Institutionalized Thinking

A young student nervously prepares his notes for the upcoming test.

He folds his note card neatly in his binder, pulls out his study sheet and tries to cram those last few trivial facts into his mind only to forget them a few hours later after he has taken the test. This is a highly common occurrence among young students these days, but is the tried and true standardized test a valid test of intelligence or just a test at who can remember the most? Is it meant to make the school money or the student smarter? Or is it just to increases the already high stress levels of the student? How about all three? The standardized test has been around for a long time now. Its prominence has increased though in the last few years due to the “No Child Left Behind Act (NCLB). This act mandated annual testing in all states which would lead one to believe that the education system in America is just fine; to the contrary, as of 2002 the United States is 31st in math in the world with equally low scores in all other subjects. Much of this has been blamed on the old methods of standardized tests. Its name has evolved a few times and its most recent identity is the Scantron.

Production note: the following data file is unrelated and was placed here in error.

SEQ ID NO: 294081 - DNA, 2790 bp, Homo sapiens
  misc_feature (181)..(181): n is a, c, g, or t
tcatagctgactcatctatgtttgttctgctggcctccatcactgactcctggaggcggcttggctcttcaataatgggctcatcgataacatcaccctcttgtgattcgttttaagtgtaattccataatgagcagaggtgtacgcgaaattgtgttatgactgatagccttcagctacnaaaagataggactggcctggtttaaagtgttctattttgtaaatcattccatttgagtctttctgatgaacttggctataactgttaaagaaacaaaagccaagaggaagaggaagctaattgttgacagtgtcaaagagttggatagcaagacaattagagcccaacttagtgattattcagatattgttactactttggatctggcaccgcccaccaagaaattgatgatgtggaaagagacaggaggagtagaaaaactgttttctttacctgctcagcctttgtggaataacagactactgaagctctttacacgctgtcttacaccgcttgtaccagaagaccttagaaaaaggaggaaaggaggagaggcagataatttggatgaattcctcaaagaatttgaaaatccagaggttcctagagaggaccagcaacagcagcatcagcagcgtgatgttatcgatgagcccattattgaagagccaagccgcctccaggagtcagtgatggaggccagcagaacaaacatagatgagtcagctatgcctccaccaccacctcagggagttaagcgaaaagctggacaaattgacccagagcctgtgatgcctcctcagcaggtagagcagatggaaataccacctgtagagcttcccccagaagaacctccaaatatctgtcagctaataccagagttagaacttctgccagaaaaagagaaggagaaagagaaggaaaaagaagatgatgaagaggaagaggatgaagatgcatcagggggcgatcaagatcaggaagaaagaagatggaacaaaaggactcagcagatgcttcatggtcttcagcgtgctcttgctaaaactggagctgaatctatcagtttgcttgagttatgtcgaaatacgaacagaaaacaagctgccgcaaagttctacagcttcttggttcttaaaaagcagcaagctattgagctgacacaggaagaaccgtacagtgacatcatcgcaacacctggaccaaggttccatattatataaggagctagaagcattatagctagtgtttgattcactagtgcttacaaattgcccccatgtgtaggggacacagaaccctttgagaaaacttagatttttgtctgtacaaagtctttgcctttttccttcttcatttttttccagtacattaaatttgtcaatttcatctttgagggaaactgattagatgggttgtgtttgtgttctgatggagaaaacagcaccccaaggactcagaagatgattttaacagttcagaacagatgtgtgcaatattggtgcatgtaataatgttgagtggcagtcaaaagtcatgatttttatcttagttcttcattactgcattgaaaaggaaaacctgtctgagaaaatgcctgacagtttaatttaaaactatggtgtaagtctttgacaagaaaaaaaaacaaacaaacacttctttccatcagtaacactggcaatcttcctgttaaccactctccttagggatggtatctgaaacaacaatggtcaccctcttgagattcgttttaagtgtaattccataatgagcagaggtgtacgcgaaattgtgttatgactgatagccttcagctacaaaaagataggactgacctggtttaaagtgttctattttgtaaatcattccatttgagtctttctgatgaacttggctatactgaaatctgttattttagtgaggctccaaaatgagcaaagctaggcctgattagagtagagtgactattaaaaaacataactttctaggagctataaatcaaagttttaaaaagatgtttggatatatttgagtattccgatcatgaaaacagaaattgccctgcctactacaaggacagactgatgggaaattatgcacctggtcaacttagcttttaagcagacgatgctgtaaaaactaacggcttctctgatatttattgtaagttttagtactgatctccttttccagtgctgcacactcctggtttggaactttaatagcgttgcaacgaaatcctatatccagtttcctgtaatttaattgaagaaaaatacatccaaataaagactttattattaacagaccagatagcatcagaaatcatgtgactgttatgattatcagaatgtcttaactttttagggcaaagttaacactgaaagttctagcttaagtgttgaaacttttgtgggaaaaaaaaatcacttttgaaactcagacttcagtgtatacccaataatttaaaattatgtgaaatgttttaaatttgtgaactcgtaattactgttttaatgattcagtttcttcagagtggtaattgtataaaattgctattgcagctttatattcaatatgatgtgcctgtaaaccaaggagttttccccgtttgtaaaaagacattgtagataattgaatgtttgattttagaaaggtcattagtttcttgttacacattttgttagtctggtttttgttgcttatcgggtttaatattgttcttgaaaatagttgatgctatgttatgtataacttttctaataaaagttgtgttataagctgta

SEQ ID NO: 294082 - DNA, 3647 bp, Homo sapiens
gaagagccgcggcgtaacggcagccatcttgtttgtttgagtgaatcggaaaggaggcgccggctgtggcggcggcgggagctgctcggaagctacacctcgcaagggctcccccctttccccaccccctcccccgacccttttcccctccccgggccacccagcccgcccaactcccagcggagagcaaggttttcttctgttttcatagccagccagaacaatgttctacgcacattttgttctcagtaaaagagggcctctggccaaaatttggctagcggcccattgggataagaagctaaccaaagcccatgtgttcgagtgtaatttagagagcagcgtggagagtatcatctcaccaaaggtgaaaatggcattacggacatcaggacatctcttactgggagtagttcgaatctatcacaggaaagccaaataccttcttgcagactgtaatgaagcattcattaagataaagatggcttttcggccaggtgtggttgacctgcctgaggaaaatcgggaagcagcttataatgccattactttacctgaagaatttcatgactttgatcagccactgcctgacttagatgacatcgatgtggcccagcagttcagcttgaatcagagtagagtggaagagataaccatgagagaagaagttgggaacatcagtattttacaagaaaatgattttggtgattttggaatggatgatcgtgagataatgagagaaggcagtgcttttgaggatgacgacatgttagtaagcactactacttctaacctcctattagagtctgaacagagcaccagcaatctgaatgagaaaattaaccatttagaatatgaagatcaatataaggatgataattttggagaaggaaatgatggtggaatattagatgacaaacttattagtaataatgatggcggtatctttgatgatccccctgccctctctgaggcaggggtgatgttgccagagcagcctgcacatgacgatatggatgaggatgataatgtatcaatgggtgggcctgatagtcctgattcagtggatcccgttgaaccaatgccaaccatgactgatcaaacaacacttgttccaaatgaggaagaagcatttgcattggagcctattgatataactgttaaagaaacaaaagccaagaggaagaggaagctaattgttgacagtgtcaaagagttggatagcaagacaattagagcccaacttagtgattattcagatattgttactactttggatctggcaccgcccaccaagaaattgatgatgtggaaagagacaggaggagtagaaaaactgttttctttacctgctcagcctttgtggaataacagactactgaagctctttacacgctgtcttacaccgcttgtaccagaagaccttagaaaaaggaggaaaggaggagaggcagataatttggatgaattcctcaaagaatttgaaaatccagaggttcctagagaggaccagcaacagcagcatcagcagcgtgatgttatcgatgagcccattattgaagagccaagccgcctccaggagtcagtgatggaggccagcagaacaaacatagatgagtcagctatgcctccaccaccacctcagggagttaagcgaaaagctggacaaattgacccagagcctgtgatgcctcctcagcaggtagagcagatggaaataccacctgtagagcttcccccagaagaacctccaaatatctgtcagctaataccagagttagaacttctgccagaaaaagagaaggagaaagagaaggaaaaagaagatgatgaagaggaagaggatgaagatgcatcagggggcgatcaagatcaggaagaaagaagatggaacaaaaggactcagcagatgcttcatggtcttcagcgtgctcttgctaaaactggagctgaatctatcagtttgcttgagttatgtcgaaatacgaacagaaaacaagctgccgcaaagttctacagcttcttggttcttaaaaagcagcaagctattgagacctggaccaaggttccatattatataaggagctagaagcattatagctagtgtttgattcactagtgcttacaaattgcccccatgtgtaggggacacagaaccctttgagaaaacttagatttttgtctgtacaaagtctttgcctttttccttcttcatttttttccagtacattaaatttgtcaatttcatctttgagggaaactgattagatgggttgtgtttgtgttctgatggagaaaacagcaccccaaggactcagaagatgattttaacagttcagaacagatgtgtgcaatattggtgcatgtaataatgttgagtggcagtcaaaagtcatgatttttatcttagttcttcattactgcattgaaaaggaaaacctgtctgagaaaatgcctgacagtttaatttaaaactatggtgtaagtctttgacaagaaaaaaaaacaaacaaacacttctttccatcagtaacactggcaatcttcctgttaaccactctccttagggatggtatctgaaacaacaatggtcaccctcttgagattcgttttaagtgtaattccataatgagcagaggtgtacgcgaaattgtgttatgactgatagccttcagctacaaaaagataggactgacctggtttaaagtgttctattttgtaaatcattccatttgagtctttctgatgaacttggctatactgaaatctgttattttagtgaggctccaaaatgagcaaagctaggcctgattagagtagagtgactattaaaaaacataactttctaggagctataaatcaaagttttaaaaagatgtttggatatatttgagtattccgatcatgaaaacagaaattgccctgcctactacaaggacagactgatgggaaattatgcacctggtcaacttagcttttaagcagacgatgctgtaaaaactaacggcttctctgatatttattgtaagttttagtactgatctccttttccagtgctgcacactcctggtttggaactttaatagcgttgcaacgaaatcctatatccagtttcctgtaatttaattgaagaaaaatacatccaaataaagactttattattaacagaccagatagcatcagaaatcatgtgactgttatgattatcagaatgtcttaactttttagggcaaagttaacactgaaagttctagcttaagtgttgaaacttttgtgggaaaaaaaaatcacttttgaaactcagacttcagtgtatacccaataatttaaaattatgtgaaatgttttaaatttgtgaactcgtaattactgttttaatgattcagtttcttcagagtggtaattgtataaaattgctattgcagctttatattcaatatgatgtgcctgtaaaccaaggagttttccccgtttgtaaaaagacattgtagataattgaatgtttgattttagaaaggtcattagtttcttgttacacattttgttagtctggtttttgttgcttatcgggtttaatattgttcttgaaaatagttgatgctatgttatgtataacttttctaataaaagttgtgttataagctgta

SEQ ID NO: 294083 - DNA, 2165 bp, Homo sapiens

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The idea behind this test is to give every student an equal chance at doing well by giving the exact same kind of test to each student. But not all students can deliver information onto the paper like that. According to W. James Popham, former president of the American Education Research Association, a standardized test can be defined as “any test that’s administered, scored, and interpreted in a standard, predetermined way”. So this statement alone would lean towards the suppression of independent thinkers and innovators, which seems contradictory to what America’s education stands for right? According to Peter Stacks, author of standardized minds “it encourages a simplistic way of thinking where there is only right and wrong answers, this does not apply to real world situations.

” Not only does it encourage a unified way of thinking but it suppresses creative thinking and outside- the- box thinking. It gives the student a false sense of equality ship, meaning that just because you test every student the same way doesn’t mean every student will receive a fair chance. The theory behind this is that not every student learns and delivers information the same way. NCLB was made to make sure every child in America would get an equal chance to learn and prosper. What it was not intended for was to create a financial problem amongst the Education Department yet it somehow managed to do so. As of 2012, taxpayers in Texas are expected to pay around $88 million in testing funds.